We have become very familiar with the faces and stories of some of the city’s murder victims, but who are the alleged perpetrators? In tonight’s Cover Story, Gaynor Hall takes a closer look at those believed to be responsible for deadly violence in Chicago.
A WGN-TV analysis of police records found the overwhelming majority of those arrested for homicide in Chicago in 2012 have something in common. They are repeat offenders.
Jerry Austin, 36, grew up in Chicago’s Roseland neighborhood. He says he got his first gun at age 12.
“I was just infatuated with the lifestyle,” said Austin.
At age 14, he picked up his first gun charge. He was charged with attempted murder at age 16, and he was charged with murder 4 years later. He says he shot and killed a man who had previously shot and robbed him.
“I can’t say no one told me right from wrong. I just chose to do what I was doing and that led me to prison,” said Austin.
With more than 500 homicides in Chicago in 2012, targeting repeat offenders is a top priority for law enforcement.
“We do have a younger group of kids that are serious repeat offenders. We know as criminologists that repeat offenders account for a much larger percentage of the violent crime,” said Dr. Dennis Rosenbaum, professor of criminal justice and psychology at the University of Illinois at Chicago.
More than 200 people have been arrested for homicides that happened in Chicago in 2012 and 15-percent were 14-to-17 years old. Out of the adults, at least 90-percent had an arrest history in Chicago and more than a third of them were previously charged with weapons-related offenses, according to police data.
Most of last year’s murders remain unsolved.
“The majority of cases of people killing other people in Chicago, we don’t know who did it and that is a big problem. The police, we are working with them to develop new capacities for investigating homicide cases and applying the best available science, but science will only take us so far if the community who knows who committed the crime will not step forward,” said Rosenbaum.
Police officials say they are working to build trust and break the code of silence. One CPD crime-fighting strategy called “hot people policing” uses data and technology to try to predict the next possible offender or victim, based on their criminal backgrounds, associates, and gang ties.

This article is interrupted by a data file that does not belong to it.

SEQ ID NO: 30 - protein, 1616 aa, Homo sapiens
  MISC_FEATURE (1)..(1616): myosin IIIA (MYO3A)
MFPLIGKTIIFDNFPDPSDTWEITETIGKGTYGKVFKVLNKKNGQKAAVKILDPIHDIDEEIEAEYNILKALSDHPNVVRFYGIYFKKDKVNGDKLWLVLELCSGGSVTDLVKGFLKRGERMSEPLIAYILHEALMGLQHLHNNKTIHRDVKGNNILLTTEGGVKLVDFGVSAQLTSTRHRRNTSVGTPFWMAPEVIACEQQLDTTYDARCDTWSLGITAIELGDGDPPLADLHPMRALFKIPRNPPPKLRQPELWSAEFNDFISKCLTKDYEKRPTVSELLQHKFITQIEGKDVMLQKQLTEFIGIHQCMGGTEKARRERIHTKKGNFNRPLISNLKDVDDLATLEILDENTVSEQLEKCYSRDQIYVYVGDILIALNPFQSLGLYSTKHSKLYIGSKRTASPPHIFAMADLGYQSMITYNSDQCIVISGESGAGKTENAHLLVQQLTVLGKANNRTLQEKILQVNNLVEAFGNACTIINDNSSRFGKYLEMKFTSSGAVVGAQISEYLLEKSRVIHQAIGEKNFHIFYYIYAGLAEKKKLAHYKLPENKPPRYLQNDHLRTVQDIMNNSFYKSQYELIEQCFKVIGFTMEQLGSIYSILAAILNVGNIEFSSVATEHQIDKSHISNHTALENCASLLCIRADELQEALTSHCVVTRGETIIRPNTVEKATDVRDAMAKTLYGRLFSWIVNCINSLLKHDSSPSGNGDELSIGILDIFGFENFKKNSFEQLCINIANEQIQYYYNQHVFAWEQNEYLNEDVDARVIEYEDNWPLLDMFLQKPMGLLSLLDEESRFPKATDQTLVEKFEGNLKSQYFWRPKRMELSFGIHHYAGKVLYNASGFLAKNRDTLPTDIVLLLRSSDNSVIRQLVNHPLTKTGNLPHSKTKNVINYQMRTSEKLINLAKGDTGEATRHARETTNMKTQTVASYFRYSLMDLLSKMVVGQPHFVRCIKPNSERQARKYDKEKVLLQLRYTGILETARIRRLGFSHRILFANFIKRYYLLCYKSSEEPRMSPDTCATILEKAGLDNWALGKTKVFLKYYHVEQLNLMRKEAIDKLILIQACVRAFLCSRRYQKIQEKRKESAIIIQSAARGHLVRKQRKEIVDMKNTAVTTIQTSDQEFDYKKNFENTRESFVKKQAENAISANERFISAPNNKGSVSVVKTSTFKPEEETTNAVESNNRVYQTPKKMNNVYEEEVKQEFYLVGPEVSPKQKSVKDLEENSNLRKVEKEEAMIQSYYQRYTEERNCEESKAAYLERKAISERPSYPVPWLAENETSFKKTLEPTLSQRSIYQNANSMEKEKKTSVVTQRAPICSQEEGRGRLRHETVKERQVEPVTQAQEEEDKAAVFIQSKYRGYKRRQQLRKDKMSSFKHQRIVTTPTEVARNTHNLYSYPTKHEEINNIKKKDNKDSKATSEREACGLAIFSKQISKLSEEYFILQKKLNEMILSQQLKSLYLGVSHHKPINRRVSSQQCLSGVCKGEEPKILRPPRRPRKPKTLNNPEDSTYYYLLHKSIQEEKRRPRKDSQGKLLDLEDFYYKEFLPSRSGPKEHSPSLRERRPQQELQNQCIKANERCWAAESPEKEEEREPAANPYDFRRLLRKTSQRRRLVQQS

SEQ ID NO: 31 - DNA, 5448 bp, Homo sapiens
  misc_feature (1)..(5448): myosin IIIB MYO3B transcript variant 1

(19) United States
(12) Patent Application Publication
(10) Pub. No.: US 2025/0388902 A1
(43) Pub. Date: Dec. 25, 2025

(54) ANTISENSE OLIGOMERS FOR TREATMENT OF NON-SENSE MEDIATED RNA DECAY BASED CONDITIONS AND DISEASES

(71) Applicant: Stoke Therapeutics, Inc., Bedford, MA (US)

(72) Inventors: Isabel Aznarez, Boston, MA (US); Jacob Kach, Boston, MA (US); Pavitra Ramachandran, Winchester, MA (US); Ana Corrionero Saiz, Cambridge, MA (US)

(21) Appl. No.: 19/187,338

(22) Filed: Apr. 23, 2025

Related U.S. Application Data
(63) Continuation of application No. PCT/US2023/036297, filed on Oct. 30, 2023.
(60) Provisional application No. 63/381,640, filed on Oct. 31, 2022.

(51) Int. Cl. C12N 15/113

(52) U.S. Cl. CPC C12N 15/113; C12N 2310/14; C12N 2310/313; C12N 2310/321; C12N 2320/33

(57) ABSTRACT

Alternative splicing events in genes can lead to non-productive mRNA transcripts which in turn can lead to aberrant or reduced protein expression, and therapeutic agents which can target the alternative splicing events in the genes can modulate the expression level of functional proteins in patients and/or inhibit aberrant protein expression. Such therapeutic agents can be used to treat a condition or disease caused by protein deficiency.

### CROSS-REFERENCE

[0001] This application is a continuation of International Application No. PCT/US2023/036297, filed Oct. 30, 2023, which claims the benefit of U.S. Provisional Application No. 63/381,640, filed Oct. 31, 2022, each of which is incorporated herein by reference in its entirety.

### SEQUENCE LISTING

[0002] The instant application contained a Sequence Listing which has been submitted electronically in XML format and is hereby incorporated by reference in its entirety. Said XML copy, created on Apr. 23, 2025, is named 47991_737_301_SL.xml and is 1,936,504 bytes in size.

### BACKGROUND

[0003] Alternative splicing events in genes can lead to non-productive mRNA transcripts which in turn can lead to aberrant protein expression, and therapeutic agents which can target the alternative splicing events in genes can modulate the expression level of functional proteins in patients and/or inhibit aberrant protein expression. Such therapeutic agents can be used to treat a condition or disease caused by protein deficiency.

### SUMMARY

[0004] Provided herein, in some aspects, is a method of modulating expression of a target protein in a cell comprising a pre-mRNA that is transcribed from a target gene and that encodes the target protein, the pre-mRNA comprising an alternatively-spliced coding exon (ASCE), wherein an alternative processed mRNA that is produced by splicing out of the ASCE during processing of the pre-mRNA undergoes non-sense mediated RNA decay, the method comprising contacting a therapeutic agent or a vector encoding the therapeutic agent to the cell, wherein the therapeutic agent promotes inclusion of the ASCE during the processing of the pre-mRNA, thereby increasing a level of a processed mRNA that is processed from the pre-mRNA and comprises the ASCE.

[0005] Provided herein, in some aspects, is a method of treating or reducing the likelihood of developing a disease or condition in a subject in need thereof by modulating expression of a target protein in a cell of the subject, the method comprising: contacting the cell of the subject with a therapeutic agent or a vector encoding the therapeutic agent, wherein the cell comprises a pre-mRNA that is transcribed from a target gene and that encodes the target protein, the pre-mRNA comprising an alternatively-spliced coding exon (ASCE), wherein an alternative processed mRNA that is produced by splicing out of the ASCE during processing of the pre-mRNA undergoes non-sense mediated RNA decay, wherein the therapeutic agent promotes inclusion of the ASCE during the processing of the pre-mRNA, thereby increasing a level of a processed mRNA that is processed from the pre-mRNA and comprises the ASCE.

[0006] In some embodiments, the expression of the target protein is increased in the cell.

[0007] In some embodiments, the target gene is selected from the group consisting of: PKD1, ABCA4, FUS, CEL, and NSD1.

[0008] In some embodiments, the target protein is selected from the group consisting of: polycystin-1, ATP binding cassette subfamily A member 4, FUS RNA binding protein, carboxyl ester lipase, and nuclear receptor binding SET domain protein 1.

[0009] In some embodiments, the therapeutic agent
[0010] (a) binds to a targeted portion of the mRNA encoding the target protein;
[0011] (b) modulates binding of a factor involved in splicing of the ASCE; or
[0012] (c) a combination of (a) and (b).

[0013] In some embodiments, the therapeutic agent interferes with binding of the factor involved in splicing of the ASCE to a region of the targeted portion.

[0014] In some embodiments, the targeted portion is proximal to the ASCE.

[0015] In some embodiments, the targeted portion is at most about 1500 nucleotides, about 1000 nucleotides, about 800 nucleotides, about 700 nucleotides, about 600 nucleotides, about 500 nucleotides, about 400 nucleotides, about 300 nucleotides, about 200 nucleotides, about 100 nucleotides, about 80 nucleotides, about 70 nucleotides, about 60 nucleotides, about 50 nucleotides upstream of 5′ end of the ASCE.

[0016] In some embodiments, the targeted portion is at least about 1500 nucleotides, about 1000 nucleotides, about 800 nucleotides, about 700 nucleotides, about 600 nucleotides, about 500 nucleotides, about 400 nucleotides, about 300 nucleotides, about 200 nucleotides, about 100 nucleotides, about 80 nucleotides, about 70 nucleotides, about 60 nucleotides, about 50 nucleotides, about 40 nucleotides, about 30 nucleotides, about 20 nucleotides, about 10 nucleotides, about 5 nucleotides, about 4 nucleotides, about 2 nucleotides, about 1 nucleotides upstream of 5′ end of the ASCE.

The department is also focused on seizing illegal guns.
Chicago Police Superintendent Garry McCarthy, Mayor Rahm Emanuel, and Cook County State’s Attorney Anita Alvarez have joined forces, urging Illinois lawmakers to increase mandatory minimum sentences for gun violations.
“The people who are out there illegally having guns and creating all this violence are the criminals, the gang bangers,” said Alvarez. “If we can keep them off the streets longer I think we will see a decrease because they won’t be there to shoot up a corner.”
Critics argue mandatory minimums are a one-size fits all approach to a multi-layered problem.
“ You can give somebody 100 years. It’s not going to change them, unless they want to be changed,” said Austin. He admits he was a drug dealer and a gang member. He spent much of his life in-and-out of lockup.
“I was trying at first to go to school. You tell yourself that when you’re incarcerated, like I’m going to do this right. I’m going to do that. I fell right back off into the lunacy,” said Austin.
He says his mother tried to get him on the right track. She died while he was in prison. He is on home confinement now, living with a relative in Dolton. Fifteen years behind bars for murder gave him a lot of time to reflect. “ I do have a heart and I wasn’t raised like that,” said Austin. “After a while, it started to bother you like I actually took somebody’s life.”
Rosenbaum says the challenge is catching kids early and it is not the responsibility of police alone.
“It’s no secret, the kids who are at risk. The school teachers can tell you, the neighborhood can tell you, the police mostly can tell you. It’s about what we’re going to do to intervene, and there’s a lot that can be done,” said Rosenbaum. He says breaking the cycle of violent crime means rebuilding struggling neighborhoods and focusing on education, respectful policing, and community involvement.
Since his release from prison, Jerry Austin has been volunteering for Ceasefire, sharing his story with at-risk youth. This time, he says he is determined to stay on the right path.